Clark Monson also recalls teaching moments with his father. “Dad and I were out fishing on a boat, and he asked me to reel in my line for a moment. When our lines were in and the rods set aside, Dad said, ‘In about five minutes your brother Tom will be sitting down to take the bar exam. He’s worked hard through three years of law school for this, and he’s probably a little apprehensive. Let’s just kneel here in the boat. I’ll offer a prayer for him, and then you offer one.’ That was one of the greatest experiences of my life.”

Of the passing of his wife, Frances, President Monson later said, “She was the love of my life, my trusted confidant, and my closest friend. To say that I miss her does not begin to convey the depth of my feelings.”

“I'll miss him as a friend, as one who can be trusted,” said President Uchtdorf. “One who was very kind, very generous, very caring, loving. But also very clear in his ways and constant.” He said it was that trust by government leaders in East Germany that led to the building of a temple behind the Iron Curtain during the Cold War.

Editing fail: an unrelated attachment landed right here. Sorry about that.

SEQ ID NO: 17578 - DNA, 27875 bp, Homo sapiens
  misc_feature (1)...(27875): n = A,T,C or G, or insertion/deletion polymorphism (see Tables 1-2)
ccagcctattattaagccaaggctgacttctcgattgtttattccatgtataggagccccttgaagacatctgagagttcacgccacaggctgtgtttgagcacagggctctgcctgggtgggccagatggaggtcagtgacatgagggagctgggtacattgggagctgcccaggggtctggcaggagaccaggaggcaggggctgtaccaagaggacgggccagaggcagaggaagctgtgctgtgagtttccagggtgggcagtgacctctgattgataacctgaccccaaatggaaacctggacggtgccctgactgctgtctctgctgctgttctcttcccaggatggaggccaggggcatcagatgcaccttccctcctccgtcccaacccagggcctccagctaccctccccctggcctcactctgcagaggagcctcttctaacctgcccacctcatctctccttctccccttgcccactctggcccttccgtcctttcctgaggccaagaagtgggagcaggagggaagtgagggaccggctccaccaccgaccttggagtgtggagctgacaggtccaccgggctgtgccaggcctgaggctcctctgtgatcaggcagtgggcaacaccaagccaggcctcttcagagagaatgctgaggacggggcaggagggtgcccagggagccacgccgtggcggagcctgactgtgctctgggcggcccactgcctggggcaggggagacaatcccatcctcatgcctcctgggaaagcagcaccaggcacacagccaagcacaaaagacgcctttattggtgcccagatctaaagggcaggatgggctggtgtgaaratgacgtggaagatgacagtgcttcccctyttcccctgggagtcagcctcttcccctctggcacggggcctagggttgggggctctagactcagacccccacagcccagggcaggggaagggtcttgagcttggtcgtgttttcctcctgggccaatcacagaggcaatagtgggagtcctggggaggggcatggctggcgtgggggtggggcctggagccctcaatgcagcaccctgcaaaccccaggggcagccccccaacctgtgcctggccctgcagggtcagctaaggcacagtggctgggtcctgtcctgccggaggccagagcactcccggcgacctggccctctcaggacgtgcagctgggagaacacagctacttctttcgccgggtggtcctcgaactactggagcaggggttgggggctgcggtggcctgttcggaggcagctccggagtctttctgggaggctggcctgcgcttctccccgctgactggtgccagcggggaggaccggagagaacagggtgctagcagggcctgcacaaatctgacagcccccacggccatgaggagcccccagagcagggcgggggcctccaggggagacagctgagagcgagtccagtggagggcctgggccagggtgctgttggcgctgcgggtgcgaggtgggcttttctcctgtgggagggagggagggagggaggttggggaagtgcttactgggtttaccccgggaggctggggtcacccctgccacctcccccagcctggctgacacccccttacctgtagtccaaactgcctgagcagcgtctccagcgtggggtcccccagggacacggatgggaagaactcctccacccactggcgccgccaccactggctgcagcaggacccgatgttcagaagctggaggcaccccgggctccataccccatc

"I don't think it ever was the idea that he thought himself a great temple builder," expressed President Eyring. "It was that he saw the blessing of having temples everywhere, and he wanted it for the people."

President Uchtdorf also noted the inspiration President Monson received when choosing locations for new temples around the world. “When you look at African locations -- I traveled the world, but I think I would never have thought that we would have in some places where we have now.”

In the midst of visits with widows, playing checkers with his son or attending to worldwide needs of members of the Church, President Monson has always been “on the Lord’s errand” (D&C 64:29).